13.5% alc., $45. Note: Van Duzer has had Brett in their wines and it has been part of the Van Duzer ’style,’ especially in the 2002, 2003 and 2004 vintages. In 2004, the Brett aromas were initially masked by the intense fruit, but with time as the fruit intensity dissipated, the Brett became obvious. I believe the problem was curtailed in the 2005 vintage and will be eliminated from the 2006 vintage on when the wines are produced in a newly constructed winery. Although there was no typical Brett aromas in the above wines, the aromatic profiles were a bit unusual and some may find them off-putting. That said, the wines are drinking quite nicely now. · Darkest in color of the three Van Duzer wines. The aromatics are strange, if not unpleasant showing some reduction with vanilla and floral notes and an unidentified chemical component. The dark fruit flavors, however, are luscious and layered, rich but not cloying. Acidity and tannins are reigned in and the whole package is nicely balanced.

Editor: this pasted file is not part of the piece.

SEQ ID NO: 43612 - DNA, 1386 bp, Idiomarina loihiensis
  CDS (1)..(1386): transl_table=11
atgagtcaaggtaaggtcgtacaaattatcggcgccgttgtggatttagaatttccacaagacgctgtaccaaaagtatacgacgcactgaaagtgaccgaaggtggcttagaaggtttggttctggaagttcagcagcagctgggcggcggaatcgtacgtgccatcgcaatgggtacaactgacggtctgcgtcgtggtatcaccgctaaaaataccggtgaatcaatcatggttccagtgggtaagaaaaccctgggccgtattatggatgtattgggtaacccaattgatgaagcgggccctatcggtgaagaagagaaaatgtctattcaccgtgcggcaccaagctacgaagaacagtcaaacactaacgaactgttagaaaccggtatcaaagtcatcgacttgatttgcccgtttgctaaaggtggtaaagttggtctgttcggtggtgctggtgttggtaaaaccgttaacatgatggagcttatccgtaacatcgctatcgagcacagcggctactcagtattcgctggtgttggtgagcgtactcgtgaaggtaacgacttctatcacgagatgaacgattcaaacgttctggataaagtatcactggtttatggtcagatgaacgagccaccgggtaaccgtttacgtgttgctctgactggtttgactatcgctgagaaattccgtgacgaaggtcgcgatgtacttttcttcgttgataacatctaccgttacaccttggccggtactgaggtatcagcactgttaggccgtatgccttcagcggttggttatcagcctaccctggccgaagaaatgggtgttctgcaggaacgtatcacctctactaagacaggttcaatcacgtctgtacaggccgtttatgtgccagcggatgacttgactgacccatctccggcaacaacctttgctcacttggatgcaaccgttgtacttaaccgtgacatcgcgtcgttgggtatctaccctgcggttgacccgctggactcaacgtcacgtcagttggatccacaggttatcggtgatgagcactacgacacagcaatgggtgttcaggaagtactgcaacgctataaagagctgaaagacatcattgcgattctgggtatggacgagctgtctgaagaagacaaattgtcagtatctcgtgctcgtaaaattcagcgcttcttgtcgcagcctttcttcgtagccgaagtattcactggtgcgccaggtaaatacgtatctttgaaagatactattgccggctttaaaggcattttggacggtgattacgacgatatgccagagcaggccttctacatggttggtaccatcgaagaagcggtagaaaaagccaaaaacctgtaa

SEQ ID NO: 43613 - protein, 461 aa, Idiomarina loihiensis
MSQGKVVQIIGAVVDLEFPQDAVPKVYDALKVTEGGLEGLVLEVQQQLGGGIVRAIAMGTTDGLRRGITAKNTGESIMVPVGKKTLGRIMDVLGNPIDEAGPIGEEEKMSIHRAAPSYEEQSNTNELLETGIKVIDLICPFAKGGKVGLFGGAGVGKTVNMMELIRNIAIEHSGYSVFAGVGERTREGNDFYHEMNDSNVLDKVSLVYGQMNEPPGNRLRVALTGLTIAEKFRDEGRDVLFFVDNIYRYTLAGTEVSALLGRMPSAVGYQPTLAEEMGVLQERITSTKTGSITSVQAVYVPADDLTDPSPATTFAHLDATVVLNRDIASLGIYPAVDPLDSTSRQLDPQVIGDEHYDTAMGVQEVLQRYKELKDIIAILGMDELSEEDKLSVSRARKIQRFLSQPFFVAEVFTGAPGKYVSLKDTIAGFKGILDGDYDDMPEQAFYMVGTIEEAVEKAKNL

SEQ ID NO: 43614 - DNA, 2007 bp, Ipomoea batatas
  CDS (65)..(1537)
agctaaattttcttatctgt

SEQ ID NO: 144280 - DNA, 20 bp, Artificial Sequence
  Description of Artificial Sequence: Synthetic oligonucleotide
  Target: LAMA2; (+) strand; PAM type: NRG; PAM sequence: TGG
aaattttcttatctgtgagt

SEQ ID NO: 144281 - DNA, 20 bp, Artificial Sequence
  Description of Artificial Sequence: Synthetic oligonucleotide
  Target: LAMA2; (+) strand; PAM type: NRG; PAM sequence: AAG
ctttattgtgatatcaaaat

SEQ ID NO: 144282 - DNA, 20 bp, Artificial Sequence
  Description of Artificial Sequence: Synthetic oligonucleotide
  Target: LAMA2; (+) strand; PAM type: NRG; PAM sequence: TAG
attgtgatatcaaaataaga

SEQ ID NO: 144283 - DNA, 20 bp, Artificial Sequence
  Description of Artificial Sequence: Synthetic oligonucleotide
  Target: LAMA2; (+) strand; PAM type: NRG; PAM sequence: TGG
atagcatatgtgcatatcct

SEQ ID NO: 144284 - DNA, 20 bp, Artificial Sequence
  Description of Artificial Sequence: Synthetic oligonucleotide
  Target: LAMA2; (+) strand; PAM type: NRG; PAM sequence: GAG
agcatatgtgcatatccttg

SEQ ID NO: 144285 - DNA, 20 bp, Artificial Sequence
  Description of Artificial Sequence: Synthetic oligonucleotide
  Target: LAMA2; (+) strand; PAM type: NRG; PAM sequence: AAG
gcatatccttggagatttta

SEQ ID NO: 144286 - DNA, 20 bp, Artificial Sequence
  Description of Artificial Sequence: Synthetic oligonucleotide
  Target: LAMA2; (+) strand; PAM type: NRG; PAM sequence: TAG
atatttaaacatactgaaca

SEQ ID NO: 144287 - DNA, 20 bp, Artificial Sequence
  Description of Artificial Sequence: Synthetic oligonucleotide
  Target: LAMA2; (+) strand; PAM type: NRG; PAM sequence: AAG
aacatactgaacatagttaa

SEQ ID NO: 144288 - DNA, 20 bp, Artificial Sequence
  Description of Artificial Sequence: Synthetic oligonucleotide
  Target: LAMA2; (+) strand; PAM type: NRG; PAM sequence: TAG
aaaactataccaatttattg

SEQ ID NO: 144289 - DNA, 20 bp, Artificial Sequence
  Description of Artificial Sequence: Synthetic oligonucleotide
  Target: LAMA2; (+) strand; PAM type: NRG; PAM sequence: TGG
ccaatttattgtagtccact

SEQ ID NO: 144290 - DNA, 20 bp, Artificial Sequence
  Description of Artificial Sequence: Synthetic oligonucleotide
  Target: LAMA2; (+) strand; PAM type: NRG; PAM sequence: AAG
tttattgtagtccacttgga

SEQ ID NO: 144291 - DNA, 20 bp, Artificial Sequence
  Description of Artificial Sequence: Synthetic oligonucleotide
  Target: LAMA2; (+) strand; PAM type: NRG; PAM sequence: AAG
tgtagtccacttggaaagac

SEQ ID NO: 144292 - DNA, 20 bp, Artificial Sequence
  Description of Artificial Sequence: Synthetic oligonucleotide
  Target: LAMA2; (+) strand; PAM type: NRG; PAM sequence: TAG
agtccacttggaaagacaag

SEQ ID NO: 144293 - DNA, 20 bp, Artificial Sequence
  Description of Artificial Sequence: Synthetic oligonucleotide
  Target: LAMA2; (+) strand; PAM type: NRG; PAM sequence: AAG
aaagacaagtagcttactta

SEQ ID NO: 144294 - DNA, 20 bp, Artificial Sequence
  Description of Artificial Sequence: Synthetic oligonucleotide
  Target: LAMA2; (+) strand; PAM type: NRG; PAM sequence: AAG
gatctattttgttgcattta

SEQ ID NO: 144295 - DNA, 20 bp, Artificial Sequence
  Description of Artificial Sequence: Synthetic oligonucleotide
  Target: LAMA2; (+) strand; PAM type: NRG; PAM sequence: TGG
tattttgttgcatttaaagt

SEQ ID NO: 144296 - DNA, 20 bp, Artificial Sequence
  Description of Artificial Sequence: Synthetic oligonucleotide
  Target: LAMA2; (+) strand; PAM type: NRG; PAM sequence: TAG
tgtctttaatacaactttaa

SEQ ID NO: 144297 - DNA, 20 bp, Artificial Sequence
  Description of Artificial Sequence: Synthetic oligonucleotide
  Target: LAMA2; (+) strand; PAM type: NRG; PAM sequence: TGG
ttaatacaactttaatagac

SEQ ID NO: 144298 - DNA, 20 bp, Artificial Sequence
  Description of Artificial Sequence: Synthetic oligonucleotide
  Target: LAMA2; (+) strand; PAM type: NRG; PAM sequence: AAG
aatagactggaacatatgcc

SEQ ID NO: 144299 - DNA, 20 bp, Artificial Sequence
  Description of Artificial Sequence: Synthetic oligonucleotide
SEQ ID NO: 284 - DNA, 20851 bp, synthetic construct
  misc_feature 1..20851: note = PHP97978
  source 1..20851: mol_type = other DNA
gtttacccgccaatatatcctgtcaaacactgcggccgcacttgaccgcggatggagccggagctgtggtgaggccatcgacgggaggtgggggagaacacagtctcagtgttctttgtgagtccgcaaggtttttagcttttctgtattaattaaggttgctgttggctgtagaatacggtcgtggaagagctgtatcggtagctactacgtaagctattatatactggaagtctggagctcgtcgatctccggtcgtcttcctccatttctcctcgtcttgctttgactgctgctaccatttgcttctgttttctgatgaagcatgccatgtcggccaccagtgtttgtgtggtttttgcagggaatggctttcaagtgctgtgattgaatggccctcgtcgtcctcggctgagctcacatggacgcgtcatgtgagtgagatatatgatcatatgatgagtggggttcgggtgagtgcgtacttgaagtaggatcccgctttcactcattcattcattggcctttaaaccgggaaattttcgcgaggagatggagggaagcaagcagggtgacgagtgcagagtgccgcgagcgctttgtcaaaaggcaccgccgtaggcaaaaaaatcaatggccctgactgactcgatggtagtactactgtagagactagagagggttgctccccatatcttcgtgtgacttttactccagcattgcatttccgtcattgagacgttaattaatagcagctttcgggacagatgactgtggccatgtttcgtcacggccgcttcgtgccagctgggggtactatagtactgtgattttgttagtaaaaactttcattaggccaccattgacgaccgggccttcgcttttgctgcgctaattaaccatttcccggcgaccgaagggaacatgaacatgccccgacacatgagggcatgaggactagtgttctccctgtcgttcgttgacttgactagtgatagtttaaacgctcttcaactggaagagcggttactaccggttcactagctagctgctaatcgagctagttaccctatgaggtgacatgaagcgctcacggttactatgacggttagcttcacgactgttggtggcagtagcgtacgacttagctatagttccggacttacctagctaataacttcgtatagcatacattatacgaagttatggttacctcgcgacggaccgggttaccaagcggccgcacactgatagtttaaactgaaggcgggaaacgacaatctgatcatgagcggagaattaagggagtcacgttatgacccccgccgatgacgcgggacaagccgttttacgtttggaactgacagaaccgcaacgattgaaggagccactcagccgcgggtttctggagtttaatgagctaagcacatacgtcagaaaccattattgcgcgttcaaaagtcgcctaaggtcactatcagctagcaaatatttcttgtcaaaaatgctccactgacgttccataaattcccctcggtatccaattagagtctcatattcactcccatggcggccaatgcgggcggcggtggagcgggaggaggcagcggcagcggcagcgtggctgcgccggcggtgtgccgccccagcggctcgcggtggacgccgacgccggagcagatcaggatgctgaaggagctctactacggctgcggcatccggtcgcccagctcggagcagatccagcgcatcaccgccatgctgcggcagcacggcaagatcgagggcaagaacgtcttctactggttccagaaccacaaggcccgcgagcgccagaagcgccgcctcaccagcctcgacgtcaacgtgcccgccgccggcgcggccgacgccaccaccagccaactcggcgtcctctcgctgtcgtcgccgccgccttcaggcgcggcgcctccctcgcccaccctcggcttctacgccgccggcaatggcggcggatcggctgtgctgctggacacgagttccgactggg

2005 Van Duzer Estate Westside Block Willamette Valley Pinot Noir

13.5% alc., $45. · Similar aromatics as above, very floral with added earthiness. Black cherries and black raspberries are a bit tart and the tannins are forefront. The mouth feel is soft and inviting.

2005 Cristom Louise Vineyard Eola-Amity Hills Willamette Valley Pinot Noir

14.0% alc., $48. Composed of five estate vineyards from the 65-acre estate in the Eola Hills. · Entry is different and interesting featuring baked cookies, pumpkin spice and black cherries. This Pinot is cherry fruit-driven with a subtle oak thread running throughout. Very appealing for its finesse and earthiness. Dare I say Burgundian?

2005 Soter Beacon Hill Yamhill-Carlton District Willamette Valley Pinot Noir